How long do people typically last in a corporate innovation role? What do they do next? And what is most likely to trigger a job change?
We wanted to learn more about innovation tenure and career paths, so we analyzed 152 LinkedIn profiles of people who’ve held innovation-related roles in the past, from innovation managers to Global Heads of Innovation to Chief Innovation Officers. Our sample included a wide range of industries, but was composed predominantly of US-based professionals (93 percent; the remaining 7 percent were professionals based in Europe and Australia).
To understand why people in innovation-related roles changed jobs, we fielded a separate survey in January 2019 which received 132 qualified responses. It’s worth noting that while these two samples — referred to below as the LinkedIn sample and the online survey — may have some overlap, they are not identical populations. We also sought out former corporate innovators and a recruiter who works in the innovation space to add their perspectives to the data.
The average tenure in our LinkedIn sample was just under four-and-a-half years (4.4, to be exact). We found that Vice Presidents of Innovation tended to have the longest tenures (5.4 years), and Innovation Managers the shortest (3.3 years).
“My experience has been that the product innovation folks tend to stay around longer, and the business innovation folks (think disruptive innovation, Horizon 3, etc…) tend to have a shorter life span in the enterprise,” says Rick Waldron, a former innovation and new initiatives executive at Nike and Intel. “The latter is the fish swimming upstream because of what Clayton Christiansen would call the ‘resources, priorities, and processes mismatch,’ and they tend to see their work get shut down after two to three corporate budgeting cycles (and ergo forced to find a new job).”
When we broke down the LinkedIn tenure data by industry, we found that tenures were longest in the chemicals and technology sectors (6.1 years and 5.5 years, respectively), and shortest in industrial manufacturing (3.4 years) and government and public sector jobs (3.3 years).
We also looked at the most common “next steps” after someone wrapped up a stint in corporate innovation. By far the most common next step was a move into consulting (27 percent of our sample), followed by entrepreneurship (13 percent). Following that, some of the professionals in our sample took on a different kind of role in a different industry (10 percent), or a similar innovation-related role while remaining in the same industry (7 percent).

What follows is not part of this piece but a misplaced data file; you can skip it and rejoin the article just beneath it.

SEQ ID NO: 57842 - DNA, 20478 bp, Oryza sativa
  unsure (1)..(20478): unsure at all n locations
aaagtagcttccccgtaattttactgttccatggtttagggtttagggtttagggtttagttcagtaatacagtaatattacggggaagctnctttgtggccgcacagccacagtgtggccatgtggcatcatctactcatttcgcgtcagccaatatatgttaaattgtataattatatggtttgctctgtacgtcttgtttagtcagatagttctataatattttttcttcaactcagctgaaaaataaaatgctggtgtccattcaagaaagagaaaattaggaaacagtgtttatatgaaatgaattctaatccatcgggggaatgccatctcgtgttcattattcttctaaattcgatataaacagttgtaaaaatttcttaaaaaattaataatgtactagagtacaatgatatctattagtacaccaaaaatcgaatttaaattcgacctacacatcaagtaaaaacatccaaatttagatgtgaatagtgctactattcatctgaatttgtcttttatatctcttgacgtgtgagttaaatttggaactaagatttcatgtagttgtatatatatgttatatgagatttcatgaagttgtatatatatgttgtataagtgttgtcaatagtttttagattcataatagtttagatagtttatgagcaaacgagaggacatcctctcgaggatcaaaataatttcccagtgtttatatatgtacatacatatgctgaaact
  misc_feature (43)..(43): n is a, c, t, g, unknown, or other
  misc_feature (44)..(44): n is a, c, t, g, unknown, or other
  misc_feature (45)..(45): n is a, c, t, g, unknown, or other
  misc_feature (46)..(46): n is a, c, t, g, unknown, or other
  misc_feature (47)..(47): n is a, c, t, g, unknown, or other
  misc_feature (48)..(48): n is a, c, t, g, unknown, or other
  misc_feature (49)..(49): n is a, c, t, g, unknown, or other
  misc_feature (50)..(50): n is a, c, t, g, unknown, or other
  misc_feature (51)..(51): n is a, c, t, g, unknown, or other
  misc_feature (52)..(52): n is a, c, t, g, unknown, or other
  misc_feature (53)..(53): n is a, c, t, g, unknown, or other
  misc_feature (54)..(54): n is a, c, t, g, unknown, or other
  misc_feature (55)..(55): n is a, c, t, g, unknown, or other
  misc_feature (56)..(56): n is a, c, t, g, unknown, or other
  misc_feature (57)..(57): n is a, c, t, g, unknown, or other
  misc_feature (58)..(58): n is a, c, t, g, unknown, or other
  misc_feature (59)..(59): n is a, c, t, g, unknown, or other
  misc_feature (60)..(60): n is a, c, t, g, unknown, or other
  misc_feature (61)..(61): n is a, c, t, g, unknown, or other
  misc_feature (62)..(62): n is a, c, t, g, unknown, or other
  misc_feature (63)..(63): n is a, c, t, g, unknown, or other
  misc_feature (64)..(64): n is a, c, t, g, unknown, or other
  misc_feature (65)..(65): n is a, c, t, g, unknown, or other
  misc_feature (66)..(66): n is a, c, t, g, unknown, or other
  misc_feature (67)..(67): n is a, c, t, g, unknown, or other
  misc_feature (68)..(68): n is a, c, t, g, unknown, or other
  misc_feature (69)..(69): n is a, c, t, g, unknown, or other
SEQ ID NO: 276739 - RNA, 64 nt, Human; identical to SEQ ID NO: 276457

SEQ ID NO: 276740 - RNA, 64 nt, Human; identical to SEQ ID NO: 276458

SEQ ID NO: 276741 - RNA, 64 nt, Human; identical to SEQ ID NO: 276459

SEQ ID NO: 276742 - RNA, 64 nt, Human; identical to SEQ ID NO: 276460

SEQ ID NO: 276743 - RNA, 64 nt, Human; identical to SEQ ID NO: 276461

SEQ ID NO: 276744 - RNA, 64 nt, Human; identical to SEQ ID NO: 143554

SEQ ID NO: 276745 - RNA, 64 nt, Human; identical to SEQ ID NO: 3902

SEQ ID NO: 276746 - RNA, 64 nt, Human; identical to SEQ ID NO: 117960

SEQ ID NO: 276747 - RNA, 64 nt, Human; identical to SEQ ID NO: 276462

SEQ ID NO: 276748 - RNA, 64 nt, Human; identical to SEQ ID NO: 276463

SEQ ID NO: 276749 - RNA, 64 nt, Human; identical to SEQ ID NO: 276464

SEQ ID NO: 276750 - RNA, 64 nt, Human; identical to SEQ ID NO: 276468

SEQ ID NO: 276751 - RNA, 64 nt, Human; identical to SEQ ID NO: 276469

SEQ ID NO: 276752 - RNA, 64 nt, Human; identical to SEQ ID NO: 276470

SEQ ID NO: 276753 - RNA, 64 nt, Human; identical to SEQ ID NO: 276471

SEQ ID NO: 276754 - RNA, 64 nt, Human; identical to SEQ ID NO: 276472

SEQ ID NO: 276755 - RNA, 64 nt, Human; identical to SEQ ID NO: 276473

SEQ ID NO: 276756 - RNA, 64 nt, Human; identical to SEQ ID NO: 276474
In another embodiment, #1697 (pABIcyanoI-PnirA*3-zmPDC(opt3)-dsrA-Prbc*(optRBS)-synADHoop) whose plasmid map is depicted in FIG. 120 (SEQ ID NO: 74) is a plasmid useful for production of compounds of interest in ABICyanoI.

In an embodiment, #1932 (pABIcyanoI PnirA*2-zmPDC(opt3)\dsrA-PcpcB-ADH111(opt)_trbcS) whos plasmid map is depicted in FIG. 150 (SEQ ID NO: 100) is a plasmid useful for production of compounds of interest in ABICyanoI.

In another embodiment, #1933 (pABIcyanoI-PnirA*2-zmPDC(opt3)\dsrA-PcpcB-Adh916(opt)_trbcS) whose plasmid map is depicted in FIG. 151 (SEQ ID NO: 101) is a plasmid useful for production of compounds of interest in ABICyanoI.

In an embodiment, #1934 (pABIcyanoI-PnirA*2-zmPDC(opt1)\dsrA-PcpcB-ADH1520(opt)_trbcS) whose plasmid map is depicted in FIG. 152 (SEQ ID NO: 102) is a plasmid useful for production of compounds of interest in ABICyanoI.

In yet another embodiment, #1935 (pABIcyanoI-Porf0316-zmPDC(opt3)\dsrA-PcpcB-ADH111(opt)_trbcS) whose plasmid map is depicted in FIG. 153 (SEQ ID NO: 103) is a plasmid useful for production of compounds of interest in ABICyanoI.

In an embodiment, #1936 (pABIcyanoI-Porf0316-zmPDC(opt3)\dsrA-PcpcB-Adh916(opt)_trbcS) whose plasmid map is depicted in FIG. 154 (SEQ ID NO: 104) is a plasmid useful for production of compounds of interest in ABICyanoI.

Of note is that 40 percent of our LinkedIn sample went into either consulting, usually at small firms or sole proprietorships, or entrepreneurship following their time in corporate innovation. Thirty percent went into a role that was not directly tied to innovation (though some still had product development or emerging technology as part of their remit). And just 23 percent remained in a corporate innovation role at their new company. (It’s worth mentioning that to be part of the sample, professionals needed to either change roles in their company, or change employers.)
Waldron, who himself left Nike in 2017 to become an innovation advisor and coach, notes that “transformational corporate innovation is difficult, and the constant battle to change hearts and minds and fight off the antibodies to achieve the success takes a toll on the people driving that work. The consulting path can offer a respite from battling the matrix while providing the corporate innovation practitioner the opportunity to continue the interesting innovation work to which they are drawn. That has certainly been true in my case. After close to 20 years driving transformational growth business innovation within large enterprises, I had gained more than a few grey hairs (and the net count was down too!).”
“What we found very interesting in the research is that 27 percent of Innovation Leader’s sample went into consulting,” says Alex Pavlou, Managing Director at Bamboo Crowd, a recruiting firm that focuses on innovation roles. “We often find that consultants are looking to find a role in corporate innovation, so it’s useful to note that there is clear movement both ways. Further, the innovation consulting industry is crying out for corporate innovators — practitioners who marry both an innovation toolkit with operational expertise, experienced in going from an idea to market launch.” (While Bamboo Crowd is one of Innovation Leader’s strategic partners, it was not involved in sponsoring or conducting the research.)
When we could, we tried to identify promotions inside the professional’s current place of employment or an increase in their seniority that came with a job hop to a new employer; 21 percent of the professionals in our sample moved on to a job that was clearly a step up — whether or not they remained in an innovation role. But in many cases, promotions or lateral moves were not easy to identify because of the different relative sizes of companies, and non-standard use of titles in the innovation field.
A tiny 2.6 percent of our sample moved into academia after their most recent corporate innovation role, though many of the professionals who shifted into consulting or entrepreneurship also established academic relationships, typically as an adjunct faculty member or advisory board member.